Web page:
Provided by: strongswan-starter_4.5.2-1.2_i386 bug


       strongswan.conf - strongSwan configuration file


       While  the  ipsec.conf(5)  configuration  file is well suited to define
       IPsec related configuration parameters, it  is  not  useful  for  other
       strongSwan  applications  to  read options from this file.  The file is
       hard to parse and only ipsec starter is capable of  doing  so.  As  the
       number  of components of the strongSwan project is continually growing,
       a more flexible configuration file was needed,  one  that  is  easy  to
       extend  and  can  be  used  by  all  components.  With strongSwan 4.2.1
       strongswan.conf(5) was introduced which meets these requirements.


       The  format  of  the  strongswan.conf  file  consists  of  hierarchical
       sections  and  a  list of key/value pairs in each section. Each section
       has a name, followed by C-Style curly  brackets  defining  the  section
       body.  Each  section  body  contains a set of subsections and key/value

            settings := (section|keyvalue)*
            section  := name { settings }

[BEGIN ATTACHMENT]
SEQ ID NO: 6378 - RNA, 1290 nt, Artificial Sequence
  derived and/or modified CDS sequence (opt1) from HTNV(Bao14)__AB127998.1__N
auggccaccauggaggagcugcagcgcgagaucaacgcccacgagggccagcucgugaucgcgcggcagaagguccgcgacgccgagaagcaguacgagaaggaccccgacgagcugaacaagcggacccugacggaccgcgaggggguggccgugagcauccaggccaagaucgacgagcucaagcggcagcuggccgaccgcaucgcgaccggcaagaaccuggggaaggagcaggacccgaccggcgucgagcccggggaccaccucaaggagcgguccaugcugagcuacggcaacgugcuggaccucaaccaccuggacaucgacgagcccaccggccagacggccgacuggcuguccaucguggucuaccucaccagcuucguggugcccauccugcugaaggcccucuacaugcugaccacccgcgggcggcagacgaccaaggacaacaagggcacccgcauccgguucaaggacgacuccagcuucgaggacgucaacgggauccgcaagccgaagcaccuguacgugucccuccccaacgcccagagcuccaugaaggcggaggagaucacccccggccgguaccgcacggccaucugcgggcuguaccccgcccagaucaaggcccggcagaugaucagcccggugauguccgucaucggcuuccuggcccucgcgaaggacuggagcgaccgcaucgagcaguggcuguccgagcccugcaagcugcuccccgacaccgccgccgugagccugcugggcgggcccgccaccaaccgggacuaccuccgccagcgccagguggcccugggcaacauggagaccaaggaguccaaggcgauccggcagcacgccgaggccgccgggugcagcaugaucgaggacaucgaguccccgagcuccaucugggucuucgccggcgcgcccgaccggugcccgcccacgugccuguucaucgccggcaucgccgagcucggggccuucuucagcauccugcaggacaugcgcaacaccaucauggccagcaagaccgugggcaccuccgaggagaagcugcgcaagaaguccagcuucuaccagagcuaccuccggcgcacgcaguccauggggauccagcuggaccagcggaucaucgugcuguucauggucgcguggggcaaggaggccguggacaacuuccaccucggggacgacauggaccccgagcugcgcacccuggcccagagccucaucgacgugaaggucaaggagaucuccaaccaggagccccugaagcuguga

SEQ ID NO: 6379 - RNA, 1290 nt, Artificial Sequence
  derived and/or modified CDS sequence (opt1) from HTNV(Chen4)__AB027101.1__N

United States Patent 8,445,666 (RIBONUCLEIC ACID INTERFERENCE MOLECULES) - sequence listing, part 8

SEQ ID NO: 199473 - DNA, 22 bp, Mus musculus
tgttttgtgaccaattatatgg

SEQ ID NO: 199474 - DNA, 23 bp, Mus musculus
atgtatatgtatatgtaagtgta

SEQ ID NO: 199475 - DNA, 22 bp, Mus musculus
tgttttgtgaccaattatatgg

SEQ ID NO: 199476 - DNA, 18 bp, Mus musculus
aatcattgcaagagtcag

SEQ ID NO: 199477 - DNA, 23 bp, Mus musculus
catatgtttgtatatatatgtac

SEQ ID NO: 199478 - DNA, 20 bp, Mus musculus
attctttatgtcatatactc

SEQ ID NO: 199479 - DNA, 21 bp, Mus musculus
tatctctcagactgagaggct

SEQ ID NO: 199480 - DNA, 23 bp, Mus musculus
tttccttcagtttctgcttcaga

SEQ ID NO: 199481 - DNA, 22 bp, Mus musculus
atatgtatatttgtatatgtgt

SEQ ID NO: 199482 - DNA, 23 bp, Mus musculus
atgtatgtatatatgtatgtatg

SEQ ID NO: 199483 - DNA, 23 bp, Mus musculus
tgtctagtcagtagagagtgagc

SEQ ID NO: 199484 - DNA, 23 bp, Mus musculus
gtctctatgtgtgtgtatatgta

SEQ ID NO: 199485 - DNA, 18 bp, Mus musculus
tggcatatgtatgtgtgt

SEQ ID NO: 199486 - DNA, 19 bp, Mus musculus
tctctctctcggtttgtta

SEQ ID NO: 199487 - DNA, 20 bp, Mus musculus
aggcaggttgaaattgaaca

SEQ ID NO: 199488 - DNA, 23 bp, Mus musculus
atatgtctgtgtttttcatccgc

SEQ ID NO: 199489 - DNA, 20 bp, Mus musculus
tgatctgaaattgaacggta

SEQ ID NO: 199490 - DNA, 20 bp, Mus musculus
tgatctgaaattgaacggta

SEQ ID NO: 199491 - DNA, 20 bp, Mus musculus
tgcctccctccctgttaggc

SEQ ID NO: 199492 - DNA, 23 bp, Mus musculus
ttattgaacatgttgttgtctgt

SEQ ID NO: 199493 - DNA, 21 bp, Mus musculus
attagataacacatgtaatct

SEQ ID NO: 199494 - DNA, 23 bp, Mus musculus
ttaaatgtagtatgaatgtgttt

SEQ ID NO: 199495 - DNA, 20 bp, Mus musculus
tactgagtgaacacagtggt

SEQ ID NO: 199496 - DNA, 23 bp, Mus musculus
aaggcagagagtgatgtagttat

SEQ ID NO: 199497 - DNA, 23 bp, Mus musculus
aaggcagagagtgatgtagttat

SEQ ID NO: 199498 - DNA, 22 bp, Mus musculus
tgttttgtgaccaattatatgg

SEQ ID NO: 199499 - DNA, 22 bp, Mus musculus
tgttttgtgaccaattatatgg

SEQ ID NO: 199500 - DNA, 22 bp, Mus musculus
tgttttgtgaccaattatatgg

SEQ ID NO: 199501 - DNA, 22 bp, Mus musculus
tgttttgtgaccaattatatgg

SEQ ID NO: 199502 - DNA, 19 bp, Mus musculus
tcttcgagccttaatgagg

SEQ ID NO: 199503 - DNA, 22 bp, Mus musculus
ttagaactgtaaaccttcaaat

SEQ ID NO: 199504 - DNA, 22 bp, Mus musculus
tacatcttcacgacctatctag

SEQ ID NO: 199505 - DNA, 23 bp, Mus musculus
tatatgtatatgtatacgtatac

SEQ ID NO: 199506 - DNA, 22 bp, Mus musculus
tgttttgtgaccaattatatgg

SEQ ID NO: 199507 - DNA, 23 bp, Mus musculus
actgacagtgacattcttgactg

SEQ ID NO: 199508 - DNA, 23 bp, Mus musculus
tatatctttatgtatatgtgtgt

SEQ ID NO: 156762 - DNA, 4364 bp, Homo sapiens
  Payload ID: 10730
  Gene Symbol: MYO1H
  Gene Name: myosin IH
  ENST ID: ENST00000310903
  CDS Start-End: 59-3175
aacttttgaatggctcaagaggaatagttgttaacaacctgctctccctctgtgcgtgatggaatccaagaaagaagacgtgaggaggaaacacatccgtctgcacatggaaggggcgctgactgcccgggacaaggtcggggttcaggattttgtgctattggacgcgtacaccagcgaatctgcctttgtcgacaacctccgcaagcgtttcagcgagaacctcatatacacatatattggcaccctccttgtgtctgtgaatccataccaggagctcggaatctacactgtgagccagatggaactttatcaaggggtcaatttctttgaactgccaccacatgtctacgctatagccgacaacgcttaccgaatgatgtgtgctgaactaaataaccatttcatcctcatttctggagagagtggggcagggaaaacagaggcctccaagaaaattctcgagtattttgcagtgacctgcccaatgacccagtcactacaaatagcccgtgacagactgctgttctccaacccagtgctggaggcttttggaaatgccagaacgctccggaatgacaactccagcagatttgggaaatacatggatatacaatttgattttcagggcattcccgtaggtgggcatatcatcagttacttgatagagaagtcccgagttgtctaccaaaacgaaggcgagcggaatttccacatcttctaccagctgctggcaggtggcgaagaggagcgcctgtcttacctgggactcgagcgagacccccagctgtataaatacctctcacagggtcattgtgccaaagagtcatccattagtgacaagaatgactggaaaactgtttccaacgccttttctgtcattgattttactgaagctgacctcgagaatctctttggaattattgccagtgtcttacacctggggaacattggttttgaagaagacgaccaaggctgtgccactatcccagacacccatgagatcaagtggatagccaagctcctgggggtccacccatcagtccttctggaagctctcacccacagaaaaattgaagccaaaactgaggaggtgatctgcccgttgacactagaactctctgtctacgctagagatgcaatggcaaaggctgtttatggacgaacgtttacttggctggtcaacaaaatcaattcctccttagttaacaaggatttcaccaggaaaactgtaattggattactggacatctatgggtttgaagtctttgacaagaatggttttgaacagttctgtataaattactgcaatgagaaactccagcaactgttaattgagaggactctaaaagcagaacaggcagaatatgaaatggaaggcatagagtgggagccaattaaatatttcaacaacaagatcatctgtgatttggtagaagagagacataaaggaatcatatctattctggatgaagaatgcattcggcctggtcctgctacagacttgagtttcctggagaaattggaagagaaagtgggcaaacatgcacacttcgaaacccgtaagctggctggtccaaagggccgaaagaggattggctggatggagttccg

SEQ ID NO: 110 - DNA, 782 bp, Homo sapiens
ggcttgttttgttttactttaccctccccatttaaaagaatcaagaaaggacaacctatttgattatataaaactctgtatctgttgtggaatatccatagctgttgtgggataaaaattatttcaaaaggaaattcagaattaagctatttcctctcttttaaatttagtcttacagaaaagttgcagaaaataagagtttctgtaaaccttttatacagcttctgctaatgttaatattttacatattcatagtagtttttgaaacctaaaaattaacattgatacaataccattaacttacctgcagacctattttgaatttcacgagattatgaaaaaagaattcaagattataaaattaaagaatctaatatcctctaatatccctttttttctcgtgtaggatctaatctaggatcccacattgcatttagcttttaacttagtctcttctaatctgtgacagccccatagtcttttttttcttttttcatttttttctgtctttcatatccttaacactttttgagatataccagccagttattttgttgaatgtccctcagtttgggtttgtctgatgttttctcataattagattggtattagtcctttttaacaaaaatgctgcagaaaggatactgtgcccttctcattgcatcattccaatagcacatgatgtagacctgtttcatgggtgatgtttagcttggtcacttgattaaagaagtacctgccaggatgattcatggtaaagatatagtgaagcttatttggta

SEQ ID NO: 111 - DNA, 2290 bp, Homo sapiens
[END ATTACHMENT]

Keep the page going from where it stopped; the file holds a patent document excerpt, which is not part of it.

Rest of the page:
keyvalue := key = value\n

       Values must be terminated by a newline.

       Comments are possible using the #-character, but be careful: The parser
       implementation  is  currently  limited  and  does  not like brackets in

       Section names and keys may contain any printable character except:

            . { } # \n \t space

       An example file in this format might look like this:

            a = b
            section-one {
                 somevalue = asdf
                 subsection {
                      othervalue = xxx
                 # yei, a comment
                 yetanother = zz
            section-two {
                 x = 12

       Indentation is optional, you may use tabs or spaces.


       Using the include statement it is possible to include other files  into